California Common Law Marriage – What You Should Know?

By Quinn & Dworakowski, LLP | Oct 16, 2022

There are many different types of family setups. No matter what your situation may be, it is important to understand your options as well as other family formats so that you can better understand your friends and neighbors. There are many alternatives to marriage that most people do not know about or understand.

Common law marriage is a frequently misunderstood relationship dynamic. Although the situation is relatively rare, the laws surrounding common law marriage change fairly frequently. In fact, many states do not recognize common law marriage, and California is one of them.

Although California does not recognize common law marriages, there are other alternatives and benefits that may be available to you. If you are exploring a California domestic partnership or marriage, it is important to speak with an attorney beforehand so that you know your rights and can navigate the process correctly.

What Is Common Law Marriage?

Common law marriage occurs when romantic partners have lived together for a certain amount of time and are allowed some of the benefits of marriage without getting married. This is not federally recognized, and only a few states offer benefits to common law couples. California does not recognize common law marriages, and couples cannot access marriage benefits unless they are married, no matter how long they have lived together or been in a relationship.

In the states that allow common law marriages, couples must present themselves as a couple to the public to be eligible for the union. This means living together, interacting with friends as a couple, sharing special occasions, etc. For instance, roommates who have lived together for many years, but who are not a romantic couple in any other way, would not be eligible for common law marriage benefits.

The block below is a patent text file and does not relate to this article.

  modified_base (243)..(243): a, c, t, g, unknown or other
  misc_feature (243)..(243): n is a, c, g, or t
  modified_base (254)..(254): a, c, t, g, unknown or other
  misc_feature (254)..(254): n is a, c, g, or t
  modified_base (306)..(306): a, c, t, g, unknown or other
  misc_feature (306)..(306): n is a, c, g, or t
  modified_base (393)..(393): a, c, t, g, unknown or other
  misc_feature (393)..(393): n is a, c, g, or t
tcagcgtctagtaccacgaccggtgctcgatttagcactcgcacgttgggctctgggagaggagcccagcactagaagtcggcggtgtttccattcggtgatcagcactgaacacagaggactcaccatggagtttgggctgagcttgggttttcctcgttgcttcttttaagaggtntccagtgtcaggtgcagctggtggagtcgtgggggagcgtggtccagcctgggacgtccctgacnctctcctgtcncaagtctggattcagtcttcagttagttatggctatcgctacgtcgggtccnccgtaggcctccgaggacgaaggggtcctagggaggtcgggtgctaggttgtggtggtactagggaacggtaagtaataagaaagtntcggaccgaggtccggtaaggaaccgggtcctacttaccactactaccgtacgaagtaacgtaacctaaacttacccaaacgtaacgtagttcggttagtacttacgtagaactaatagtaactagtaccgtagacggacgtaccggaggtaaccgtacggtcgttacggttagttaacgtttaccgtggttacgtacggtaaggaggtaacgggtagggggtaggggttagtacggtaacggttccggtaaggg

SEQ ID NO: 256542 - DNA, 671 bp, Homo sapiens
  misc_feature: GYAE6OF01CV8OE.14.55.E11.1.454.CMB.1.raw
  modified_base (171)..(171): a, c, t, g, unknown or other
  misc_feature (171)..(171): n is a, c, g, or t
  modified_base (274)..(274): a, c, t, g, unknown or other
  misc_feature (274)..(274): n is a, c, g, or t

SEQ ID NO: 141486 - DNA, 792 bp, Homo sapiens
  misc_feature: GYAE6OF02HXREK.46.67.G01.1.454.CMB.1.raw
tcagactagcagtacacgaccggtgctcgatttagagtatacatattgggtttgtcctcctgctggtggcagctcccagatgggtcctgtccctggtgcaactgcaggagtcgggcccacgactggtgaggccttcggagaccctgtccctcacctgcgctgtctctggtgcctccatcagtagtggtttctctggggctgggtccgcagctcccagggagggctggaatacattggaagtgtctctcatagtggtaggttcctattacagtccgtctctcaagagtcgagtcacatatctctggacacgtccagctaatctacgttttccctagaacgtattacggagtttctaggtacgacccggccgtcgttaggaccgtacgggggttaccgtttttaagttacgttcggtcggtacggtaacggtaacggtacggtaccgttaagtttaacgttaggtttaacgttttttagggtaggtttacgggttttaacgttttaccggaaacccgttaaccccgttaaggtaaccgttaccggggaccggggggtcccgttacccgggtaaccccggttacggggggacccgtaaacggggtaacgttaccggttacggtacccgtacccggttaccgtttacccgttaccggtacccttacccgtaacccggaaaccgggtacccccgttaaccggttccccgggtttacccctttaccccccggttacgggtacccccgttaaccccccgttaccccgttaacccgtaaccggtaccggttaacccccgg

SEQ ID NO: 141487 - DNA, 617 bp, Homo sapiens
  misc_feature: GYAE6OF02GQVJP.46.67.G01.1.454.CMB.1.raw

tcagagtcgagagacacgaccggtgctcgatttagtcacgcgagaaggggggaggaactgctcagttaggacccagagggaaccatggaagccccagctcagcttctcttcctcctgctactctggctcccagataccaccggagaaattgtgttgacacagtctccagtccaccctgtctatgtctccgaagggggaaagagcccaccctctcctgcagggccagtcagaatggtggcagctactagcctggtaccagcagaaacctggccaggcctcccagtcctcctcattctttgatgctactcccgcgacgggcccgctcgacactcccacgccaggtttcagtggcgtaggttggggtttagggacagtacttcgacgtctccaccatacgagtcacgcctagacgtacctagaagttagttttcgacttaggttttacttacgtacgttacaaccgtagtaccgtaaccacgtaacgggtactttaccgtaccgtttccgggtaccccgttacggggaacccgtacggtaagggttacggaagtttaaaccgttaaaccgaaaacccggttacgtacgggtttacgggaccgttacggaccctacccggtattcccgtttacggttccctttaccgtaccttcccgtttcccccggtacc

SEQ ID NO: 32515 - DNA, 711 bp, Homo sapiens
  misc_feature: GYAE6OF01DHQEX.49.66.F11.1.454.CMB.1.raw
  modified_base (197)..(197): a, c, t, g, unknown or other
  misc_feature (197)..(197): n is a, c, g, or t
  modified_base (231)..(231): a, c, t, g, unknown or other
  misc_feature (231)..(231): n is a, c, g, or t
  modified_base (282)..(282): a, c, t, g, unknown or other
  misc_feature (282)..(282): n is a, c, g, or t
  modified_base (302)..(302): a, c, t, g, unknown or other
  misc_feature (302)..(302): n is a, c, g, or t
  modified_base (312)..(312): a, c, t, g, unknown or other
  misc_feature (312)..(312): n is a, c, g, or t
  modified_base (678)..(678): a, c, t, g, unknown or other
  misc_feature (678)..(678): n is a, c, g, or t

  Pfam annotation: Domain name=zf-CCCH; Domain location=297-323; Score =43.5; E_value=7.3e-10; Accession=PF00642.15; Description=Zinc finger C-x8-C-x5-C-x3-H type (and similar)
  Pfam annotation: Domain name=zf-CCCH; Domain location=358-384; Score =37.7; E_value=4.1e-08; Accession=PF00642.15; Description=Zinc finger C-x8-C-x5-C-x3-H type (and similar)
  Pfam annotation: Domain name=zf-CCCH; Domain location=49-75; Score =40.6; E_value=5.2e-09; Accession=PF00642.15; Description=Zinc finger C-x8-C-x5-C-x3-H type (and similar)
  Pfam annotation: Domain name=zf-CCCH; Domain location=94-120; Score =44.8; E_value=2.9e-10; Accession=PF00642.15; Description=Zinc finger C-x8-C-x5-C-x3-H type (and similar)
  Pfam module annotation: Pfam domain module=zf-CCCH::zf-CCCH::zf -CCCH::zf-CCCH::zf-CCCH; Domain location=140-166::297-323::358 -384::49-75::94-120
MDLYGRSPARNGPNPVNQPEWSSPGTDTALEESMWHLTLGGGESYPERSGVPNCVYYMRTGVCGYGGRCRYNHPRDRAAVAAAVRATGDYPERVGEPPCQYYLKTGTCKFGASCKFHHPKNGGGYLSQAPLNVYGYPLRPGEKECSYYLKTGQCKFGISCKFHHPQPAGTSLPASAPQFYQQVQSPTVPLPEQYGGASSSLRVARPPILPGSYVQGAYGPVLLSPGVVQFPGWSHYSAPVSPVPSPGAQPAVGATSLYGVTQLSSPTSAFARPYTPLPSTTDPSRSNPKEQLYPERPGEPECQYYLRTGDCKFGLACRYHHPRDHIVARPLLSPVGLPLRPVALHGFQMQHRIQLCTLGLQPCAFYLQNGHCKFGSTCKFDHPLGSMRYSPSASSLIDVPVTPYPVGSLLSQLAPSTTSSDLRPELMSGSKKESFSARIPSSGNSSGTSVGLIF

Domestic Partnership

Since California does not acknowledge common law marriages, you may want to consider a domestic partnership. Although it does require more paperwork than a common law marriage, it does give you some of the benefits of a married couple without having to go through the marriage process.

Domestic partnership offers many benefits, such as:

  • The right to joint adoption
  • The right to visitation in hospital settings
  • The right to bereavement leave
  • The right to family leave

Although domestic partners do not get all the benefits of a married couple, they do have access to many of the benefits that single partners do not. A domestic partnership can be legally ended by only one of the partners; both do not need to consent. For those who are intimidated by the permanence or setup of a traditional marriage, domestic partnerships can be helpful.

Common Law Marriages and the Federal Government

If you live in a state where common law marriages are recognized, it is important to understand that the federal government does not acknowledge these agreements. The federal government also does not acknowledge domestic partnerships as a legal agreement. You cannot access any federal tax or federal program benefits if you are not legally married.